I never knew Wood actually wrote the screenplay too for these 2 films.
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PostSubject: Re: SOLO by William Boyd ::: September 26, 2013   Mon Apr 30, 2012 12:06 am

jet set willy wrote:
Both books were an insult to Fleming.
I wouldn't go so far as to say that. I think that both Faulks and Deaver recognised that if they tried to simply ape Fleming's style, it would be an absolute disaster. No doubt you'd be in here bitching about how they tried too hard to be Fleming when they clearly weren't up to the task. So they tried to write Fleming's characters and universe in their own style, and you can't really fault them for that. Particularly in the case of Deaver (Faulks had that stupid "writing as Ian Fleming" credit); he has his own style and his own structure. It's what he's comfortable with, and by following that framework, he could deliver a better-quality novel than if he had tried to be Ian Fleming.

CARTE BLANCHE has its flaws, but I think it's very unfair of you to declare it an "insult" to Fleming simply because the author didn't try to ape Fleming. It's a fundamental truth of writing fiction that every author has his or her own style, and that style starts early in the conceptual phase. Naturally, this style can be refined and developed over time, but you can't just ask someone to "write more like this" and expect them to suddenly alter their entire approach. Whatever flaws the book has, they're not in the structure. CARTE BLANCHE's biggest weakness is that its core story isn't particularly interesting.
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PostSubject: Re: SOLO by William Boyd ::: September 26, 2013   Mon Apr 30, 2012 3:45 am

jet set willy wrote:
saint mark wrote:
jet set willy wrote:
Harmsway wrote:
Christopher Wood came quite close. In truth, I think he did a bit better than Amis.
Wood's efforts weren't too bad actually. I often overlook them, mainly because he didn't have to devise a plot to go with the novel, but instead had the entire storyline already mapped out for him.

The only thing that lets them down is the storylines themselves, which are far removed from Fleming, but with regards the style itself, Wood pretty much nailed Fleming.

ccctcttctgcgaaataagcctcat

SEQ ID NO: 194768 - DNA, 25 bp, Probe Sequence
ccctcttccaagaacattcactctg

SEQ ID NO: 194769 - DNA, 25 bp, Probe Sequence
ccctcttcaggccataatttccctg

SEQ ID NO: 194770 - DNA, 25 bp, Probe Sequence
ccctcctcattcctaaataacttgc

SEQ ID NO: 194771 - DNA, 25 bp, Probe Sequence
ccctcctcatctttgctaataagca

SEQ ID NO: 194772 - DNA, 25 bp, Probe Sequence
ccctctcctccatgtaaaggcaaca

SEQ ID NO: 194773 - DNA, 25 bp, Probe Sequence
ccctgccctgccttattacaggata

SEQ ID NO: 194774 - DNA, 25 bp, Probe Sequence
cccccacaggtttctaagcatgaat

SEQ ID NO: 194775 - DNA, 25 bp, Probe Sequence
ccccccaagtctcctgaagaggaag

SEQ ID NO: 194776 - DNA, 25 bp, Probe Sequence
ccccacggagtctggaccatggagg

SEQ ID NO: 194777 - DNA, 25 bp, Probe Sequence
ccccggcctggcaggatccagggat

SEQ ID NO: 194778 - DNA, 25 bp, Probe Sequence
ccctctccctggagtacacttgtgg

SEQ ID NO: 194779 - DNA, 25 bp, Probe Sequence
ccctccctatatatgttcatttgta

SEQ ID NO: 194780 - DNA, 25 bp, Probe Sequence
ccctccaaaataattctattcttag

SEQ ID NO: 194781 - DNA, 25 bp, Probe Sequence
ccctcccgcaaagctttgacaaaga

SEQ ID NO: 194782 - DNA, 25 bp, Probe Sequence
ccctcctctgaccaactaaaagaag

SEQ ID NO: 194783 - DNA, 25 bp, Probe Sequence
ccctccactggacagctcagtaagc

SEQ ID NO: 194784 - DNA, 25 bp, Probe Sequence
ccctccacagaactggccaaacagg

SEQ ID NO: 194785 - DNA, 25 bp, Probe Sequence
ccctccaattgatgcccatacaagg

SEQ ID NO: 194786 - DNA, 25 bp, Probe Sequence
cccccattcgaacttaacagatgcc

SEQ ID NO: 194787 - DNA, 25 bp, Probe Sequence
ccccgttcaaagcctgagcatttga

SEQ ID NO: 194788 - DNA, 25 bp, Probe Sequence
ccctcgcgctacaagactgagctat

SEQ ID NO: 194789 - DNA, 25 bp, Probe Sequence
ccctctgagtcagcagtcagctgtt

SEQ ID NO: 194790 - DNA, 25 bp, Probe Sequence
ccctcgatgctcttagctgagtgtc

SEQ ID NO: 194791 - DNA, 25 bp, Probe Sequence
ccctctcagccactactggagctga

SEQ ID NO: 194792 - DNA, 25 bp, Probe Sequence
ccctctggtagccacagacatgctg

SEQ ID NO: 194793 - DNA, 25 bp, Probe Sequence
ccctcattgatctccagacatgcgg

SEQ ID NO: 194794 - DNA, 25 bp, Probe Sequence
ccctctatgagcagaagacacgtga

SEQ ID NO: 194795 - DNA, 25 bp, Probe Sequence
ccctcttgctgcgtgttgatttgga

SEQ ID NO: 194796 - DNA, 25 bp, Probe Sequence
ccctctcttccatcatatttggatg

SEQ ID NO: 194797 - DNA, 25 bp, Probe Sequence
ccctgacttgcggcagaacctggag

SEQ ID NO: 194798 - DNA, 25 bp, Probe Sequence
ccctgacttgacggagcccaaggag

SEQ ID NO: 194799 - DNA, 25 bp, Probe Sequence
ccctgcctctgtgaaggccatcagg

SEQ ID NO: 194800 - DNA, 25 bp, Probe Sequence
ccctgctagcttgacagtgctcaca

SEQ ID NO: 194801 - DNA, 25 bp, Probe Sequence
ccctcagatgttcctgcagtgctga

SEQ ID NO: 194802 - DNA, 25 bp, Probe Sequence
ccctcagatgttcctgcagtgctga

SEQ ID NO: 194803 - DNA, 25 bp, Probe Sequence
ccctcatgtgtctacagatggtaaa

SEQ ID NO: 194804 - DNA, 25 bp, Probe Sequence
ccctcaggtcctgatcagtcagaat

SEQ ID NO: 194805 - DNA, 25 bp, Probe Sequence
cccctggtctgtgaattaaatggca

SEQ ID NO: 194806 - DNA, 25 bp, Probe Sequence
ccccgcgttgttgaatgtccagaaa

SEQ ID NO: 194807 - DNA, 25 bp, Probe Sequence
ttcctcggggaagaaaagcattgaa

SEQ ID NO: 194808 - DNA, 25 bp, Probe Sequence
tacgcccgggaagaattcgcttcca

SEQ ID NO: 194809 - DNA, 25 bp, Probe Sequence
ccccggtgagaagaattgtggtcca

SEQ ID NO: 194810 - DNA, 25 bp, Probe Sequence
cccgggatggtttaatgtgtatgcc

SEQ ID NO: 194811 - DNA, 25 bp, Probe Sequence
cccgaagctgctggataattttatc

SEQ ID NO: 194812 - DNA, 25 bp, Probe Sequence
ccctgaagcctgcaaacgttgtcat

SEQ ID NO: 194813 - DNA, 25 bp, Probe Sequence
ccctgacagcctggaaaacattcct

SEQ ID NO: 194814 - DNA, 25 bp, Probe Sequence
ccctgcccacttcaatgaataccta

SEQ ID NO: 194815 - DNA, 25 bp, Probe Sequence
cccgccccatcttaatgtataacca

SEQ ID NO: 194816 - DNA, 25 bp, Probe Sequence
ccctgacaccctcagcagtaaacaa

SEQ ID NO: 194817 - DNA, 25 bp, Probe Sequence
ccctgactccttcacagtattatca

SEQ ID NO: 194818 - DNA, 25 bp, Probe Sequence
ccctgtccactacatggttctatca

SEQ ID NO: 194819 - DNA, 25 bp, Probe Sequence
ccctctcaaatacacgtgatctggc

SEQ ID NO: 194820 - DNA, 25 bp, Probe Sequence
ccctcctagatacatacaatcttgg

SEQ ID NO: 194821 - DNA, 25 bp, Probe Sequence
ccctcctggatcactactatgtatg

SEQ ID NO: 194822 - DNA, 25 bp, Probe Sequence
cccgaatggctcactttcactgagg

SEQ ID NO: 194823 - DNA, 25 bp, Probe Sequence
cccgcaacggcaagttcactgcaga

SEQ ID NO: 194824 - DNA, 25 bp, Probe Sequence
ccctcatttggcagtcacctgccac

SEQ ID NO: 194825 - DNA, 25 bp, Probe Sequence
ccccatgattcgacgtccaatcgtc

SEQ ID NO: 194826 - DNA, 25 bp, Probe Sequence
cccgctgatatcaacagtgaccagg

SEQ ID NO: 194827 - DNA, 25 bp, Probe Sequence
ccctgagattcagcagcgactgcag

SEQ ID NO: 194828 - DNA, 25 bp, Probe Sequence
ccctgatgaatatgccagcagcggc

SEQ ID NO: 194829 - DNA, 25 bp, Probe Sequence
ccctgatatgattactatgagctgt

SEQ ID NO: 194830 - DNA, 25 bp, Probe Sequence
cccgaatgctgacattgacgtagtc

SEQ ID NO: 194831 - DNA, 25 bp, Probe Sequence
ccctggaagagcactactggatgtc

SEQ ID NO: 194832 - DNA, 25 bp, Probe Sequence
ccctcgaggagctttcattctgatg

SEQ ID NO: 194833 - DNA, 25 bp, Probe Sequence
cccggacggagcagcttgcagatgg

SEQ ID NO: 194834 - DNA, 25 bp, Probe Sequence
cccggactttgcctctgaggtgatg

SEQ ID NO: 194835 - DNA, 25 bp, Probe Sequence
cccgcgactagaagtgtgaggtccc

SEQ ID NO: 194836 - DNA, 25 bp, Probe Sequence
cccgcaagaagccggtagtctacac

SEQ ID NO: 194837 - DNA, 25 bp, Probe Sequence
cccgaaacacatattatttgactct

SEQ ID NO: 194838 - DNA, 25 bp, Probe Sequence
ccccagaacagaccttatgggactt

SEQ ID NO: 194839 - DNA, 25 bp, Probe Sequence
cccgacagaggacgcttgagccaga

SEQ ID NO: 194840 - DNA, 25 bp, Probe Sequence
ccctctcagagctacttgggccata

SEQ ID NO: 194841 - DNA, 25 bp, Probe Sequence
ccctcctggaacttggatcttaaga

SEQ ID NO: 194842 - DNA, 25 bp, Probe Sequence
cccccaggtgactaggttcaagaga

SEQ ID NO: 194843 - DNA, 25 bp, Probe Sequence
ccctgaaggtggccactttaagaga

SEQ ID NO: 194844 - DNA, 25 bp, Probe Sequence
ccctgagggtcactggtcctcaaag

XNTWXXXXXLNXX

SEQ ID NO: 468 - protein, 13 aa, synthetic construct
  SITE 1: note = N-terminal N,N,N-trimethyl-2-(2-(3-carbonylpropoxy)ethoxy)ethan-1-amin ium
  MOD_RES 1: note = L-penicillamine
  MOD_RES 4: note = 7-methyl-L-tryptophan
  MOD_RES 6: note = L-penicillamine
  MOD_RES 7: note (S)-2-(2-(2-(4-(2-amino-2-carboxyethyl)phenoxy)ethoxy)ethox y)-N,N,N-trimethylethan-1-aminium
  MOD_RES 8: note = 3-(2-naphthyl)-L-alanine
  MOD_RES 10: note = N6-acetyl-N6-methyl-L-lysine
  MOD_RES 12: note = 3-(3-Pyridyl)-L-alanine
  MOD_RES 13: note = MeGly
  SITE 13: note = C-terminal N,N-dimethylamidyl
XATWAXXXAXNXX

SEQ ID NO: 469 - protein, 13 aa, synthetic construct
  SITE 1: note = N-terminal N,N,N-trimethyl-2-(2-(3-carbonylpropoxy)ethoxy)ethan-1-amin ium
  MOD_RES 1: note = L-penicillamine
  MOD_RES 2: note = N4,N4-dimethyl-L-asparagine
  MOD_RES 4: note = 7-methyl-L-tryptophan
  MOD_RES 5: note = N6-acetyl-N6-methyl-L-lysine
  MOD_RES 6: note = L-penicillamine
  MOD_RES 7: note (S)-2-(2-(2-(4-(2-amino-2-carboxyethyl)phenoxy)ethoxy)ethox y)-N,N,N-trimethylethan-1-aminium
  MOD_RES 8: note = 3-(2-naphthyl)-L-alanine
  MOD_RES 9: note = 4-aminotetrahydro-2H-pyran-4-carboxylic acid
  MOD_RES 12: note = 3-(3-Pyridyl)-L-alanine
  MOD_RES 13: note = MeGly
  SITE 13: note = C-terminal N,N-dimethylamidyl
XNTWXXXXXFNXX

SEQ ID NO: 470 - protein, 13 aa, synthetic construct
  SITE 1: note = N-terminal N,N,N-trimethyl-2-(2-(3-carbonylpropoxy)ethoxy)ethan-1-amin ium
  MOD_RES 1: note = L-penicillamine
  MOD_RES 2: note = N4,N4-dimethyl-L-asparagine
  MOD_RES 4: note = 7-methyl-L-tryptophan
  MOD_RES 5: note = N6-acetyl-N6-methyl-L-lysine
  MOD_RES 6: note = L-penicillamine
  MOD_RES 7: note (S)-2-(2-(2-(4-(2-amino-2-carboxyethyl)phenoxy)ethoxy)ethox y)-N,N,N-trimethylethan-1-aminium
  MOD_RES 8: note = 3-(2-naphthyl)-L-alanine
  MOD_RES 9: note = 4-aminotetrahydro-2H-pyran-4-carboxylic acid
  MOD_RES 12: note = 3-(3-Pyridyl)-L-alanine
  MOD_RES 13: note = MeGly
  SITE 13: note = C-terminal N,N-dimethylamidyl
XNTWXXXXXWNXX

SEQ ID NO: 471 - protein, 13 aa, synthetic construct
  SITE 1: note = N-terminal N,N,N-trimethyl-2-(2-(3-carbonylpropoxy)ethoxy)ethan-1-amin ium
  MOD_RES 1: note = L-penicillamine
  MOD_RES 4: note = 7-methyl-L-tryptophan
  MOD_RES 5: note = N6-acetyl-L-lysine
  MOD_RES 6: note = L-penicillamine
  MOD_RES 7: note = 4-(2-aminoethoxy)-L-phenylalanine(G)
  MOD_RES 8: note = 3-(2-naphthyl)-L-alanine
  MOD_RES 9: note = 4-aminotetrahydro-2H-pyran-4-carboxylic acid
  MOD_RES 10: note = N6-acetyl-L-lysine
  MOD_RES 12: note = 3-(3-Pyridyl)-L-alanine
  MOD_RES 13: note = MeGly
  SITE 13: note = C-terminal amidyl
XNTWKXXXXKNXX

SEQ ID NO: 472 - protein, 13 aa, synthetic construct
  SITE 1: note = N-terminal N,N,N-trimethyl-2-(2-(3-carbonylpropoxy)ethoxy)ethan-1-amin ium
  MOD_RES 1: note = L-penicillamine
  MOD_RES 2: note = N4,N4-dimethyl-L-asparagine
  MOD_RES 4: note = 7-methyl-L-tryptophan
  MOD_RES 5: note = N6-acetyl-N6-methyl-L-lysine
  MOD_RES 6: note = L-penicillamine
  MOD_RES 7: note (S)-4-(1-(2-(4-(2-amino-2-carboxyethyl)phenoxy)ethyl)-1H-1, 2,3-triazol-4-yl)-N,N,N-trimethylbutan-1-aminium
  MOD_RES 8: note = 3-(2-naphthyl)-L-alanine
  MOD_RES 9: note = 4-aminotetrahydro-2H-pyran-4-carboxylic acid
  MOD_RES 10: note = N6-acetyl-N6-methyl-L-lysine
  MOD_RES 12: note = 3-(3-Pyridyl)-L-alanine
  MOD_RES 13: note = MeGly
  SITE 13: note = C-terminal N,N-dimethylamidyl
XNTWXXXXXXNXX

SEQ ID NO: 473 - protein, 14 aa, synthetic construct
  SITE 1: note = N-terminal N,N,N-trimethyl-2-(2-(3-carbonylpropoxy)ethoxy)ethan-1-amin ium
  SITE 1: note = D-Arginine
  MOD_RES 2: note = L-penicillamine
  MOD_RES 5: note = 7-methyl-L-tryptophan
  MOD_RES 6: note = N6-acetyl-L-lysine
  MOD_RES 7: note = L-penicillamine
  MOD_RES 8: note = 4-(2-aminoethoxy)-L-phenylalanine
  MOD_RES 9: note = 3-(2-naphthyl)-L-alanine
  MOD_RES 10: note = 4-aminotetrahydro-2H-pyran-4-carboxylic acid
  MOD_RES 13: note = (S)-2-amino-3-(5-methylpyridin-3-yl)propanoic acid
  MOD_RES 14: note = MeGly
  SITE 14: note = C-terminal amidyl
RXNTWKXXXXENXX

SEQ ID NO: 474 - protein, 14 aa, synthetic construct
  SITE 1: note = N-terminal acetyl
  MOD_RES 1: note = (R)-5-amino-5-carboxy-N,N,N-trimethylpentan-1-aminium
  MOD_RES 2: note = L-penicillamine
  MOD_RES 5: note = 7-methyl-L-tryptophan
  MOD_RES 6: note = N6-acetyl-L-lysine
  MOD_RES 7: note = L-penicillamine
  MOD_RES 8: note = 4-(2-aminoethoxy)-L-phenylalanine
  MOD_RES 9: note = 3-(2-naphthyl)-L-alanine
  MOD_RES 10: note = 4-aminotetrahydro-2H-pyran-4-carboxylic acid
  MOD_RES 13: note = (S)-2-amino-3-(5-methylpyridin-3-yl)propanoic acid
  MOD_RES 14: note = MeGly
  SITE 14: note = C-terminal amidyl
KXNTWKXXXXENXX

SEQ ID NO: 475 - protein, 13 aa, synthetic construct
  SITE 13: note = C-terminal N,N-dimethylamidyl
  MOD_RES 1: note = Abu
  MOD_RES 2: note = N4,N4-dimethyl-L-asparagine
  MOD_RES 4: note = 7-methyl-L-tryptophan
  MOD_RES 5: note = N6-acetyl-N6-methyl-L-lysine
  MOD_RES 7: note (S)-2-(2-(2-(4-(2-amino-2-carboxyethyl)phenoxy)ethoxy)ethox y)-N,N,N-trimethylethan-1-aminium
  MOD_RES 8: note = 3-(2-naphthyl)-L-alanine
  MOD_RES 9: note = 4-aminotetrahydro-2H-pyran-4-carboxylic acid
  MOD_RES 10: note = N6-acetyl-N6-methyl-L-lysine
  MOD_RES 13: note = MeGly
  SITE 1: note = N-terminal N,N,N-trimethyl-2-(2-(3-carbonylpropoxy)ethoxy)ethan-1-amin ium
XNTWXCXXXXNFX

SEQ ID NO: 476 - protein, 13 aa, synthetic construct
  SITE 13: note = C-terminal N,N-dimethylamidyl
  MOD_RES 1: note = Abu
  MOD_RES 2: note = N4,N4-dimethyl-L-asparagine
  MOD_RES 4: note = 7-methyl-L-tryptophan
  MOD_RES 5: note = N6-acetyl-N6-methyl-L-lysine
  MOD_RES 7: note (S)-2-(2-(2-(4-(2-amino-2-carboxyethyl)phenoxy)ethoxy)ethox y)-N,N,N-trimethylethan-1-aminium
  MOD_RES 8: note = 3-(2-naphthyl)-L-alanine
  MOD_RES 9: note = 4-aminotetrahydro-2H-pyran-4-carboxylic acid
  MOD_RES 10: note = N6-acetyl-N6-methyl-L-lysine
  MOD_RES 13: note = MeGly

TSWLM screenplay written by Wood & Maibaum and Moonraker he was the sole writer of the screenplay. So he was actually involved in the plot. Is to date the only James Bond movie writer who has been given the chance to write novels based upon his scripts: The Spy Who Loved Me and Moonraker. 8)
I never knew Wood actually wrote the screenplay too for these 2 films.

I knew that because I have had the translated pockets from my youth where it said so on the cover. Just one of those nuggets of information that are totally useless but nice to know as it turns out. ;)
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PostSubject: Re: SOLO by William Boyd ::: September 26, 2013   Mon Apr 30, 2012 8:04 am

Prisoner Monkeys wrote:
jet set willy wrote:
Both books were an insult to Fleming.
I wouldn't go so far as to say that. I think that both Faulks and Deaver recognised that if they tried to simply ape Fleming's style, it would be an absolute disaster. No doubt you'd be in here bitching about how they tried too hard to be Fleming when they clearly weren't up to the task. So they tried to write Fleming's characters and universe in their own style, and you can't really fault them for that. Particularly in the case of Deaver (Faulks had that stupid "writing as Ian Fleming" credit); he has his own style and his own structure. It's what he's comfortable with, and by following that framework, he could deliver a better-quality novel than if he had tried to be Ian Fleming.

CARTE BLANCHE has its flaws, but I think it's very unfair of you to declare it an "insult" to Fleming simply because the author didn't try to ape Fleming. It's a fundamental truth of writing fiction that every author has his or her own style, and that style starts early in the conceptual phase. Naturally, this style can be refined and developed over time, but you can't just ask someone to "write more like this" and expect them to suddenly alter their entire approach. Whatever flaws the book has, they're not in the structure. CARTE BLANCHE's biggest weakness is that its core story isn't particularly interesting.

I don't think anyone here is demanding that modern continuation novelists ape Fleming (although, frankly, that's what we were led to believe with Faulks' "writing as Ian Fleming" credit, which turned out to be as much of a letdown as CASINO ROYALE would have been if its credits had announced "Daniel Craig acting as Sean Connery"). I reckon most of us are quite happy for continuation novelists to have their own styles - as long as the resulting books are as good as the Flemings in their own way.

(Similarly, I doubt that anyone here wants Sam Mendes to deliberately ape Terence Young's style. The hope is only that Mendes will make an excellent film in whatever style he chooses.)